TOPEKA — A two-year-old Kansas law designed to help former prisoners find employment placed limits on the power of occupational licensing boards to reject applicants guilty of crimes unrelated to the job credential or if the applicant was crime-free for five years after finishing a misdemeanor sentence.
The Kansas State Department of Education and the Kansas Department for Aging and Disability Services are backing a proposal to exempt both departments from the law when making decisions on licensure, certification or registration applications.
Dale Dennis, deputy commissioner of education, said the 2018 law would have forbid the Board of Education from examining allegations several years ago that a school administrator solicited sex from a minor. The administrator wasn't convicted of the charge in court, he said, but the state's professional practices commissioner voted unanimously to suspend the educator's license for misconduct.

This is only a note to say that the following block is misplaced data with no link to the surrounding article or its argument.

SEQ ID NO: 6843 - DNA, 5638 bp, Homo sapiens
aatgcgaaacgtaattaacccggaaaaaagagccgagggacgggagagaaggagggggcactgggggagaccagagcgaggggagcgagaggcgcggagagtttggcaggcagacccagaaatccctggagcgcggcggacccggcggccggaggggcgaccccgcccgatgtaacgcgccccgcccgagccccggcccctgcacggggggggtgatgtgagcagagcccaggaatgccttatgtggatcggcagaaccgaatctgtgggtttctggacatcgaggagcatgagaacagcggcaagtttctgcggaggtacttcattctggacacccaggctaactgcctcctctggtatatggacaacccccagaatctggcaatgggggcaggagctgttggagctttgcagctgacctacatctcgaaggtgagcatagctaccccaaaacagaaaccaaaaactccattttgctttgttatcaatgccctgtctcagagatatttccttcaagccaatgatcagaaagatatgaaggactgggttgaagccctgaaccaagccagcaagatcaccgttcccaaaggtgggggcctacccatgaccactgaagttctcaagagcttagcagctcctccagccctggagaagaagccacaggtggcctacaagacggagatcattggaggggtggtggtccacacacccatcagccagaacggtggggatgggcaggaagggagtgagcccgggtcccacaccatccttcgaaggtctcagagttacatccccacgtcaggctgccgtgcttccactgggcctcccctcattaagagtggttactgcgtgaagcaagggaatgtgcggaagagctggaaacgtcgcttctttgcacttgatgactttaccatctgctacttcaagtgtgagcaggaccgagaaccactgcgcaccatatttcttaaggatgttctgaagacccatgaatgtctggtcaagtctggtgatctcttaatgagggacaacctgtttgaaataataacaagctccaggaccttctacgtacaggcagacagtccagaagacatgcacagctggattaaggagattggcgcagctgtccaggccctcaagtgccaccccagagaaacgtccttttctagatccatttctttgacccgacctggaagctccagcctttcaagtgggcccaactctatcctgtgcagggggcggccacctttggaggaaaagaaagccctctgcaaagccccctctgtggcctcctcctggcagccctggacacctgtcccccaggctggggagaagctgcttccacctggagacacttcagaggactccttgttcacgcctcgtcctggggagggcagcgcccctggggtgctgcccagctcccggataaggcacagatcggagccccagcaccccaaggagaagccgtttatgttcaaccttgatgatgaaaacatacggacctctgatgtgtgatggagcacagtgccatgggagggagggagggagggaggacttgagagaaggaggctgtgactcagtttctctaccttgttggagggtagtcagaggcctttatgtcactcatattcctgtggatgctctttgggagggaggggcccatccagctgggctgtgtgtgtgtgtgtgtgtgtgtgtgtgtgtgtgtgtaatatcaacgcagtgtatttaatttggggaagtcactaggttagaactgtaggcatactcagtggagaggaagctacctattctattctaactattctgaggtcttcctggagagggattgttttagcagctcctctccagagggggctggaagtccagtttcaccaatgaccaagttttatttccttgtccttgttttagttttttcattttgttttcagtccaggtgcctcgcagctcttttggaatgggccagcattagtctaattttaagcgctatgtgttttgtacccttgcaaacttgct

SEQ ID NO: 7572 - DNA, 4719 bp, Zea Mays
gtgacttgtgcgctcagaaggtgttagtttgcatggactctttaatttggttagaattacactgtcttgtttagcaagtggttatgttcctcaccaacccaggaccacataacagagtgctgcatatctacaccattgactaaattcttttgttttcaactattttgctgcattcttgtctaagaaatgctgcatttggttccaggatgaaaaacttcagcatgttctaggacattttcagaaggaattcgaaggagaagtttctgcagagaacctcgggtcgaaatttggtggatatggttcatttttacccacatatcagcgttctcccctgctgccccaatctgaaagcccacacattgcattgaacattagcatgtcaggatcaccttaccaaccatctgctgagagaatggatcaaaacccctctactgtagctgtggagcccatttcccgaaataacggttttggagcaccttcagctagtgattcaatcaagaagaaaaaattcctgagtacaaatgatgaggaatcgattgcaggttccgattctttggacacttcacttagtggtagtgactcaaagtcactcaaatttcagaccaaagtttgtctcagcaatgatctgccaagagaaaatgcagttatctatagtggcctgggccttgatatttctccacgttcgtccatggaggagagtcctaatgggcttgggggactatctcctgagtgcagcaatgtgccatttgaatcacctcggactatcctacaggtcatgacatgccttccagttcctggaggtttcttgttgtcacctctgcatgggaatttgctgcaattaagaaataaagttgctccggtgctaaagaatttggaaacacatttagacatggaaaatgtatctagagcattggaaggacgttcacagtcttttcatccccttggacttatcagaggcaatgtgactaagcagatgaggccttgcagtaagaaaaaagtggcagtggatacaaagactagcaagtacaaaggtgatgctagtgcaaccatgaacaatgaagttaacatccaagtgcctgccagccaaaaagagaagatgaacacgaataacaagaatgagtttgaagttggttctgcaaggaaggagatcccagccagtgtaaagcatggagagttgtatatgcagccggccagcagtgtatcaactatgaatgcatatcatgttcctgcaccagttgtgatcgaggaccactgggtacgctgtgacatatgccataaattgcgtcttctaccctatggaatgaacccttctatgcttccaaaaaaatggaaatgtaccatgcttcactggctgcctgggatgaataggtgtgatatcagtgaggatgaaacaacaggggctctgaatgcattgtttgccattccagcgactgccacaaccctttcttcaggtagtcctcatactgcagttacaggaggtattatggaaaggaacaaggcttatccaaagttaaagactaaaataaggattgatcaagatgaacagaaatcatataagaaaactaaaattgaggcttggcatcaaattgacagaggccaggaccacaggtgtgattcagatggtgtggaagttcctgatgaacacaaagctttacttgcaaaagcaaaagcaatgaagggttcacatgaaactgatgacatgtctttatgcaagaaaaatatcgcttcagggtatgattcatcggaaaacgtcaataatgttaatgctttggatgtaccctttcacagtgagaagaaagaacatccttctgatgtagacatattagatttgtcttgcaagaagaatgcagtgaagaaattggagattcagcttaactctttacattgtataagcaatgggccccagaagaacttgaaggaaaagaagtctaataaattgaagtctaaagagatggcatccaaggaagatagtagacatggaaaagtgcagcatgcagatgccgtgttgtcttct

Contents of Senate Bill 220 endorsed by the Department of Education and KDADS will unjustifiably add to the list of Kansas licensing boards capable of issuing blanket denials tied to criminal records, said Elizabeth Patton, deputy state director of Americans for Prosperity of Kansas.
She said authority sought by the education and aging departments would "artificially limit the size of their own competition by broadly excluding applicants with criminal histories."
Mark Dugan, who represents Opportunity Solutions Project, said employment was a key to reducing recidivism rates.
"There is no reason to weaken a policy that promotes both second chances and public safety," he said.
That state law guiding use of criminal records in credentialing exempts the Kansas Highway Patrol, the state boards of accountancy, healing arts, medical services, nursing and real estate along with the office of attorney general and the Kansas Department of Insurance.
An attempt to include the Department of Education in the exemption failed during the 2019 session of the Kansas Legislature.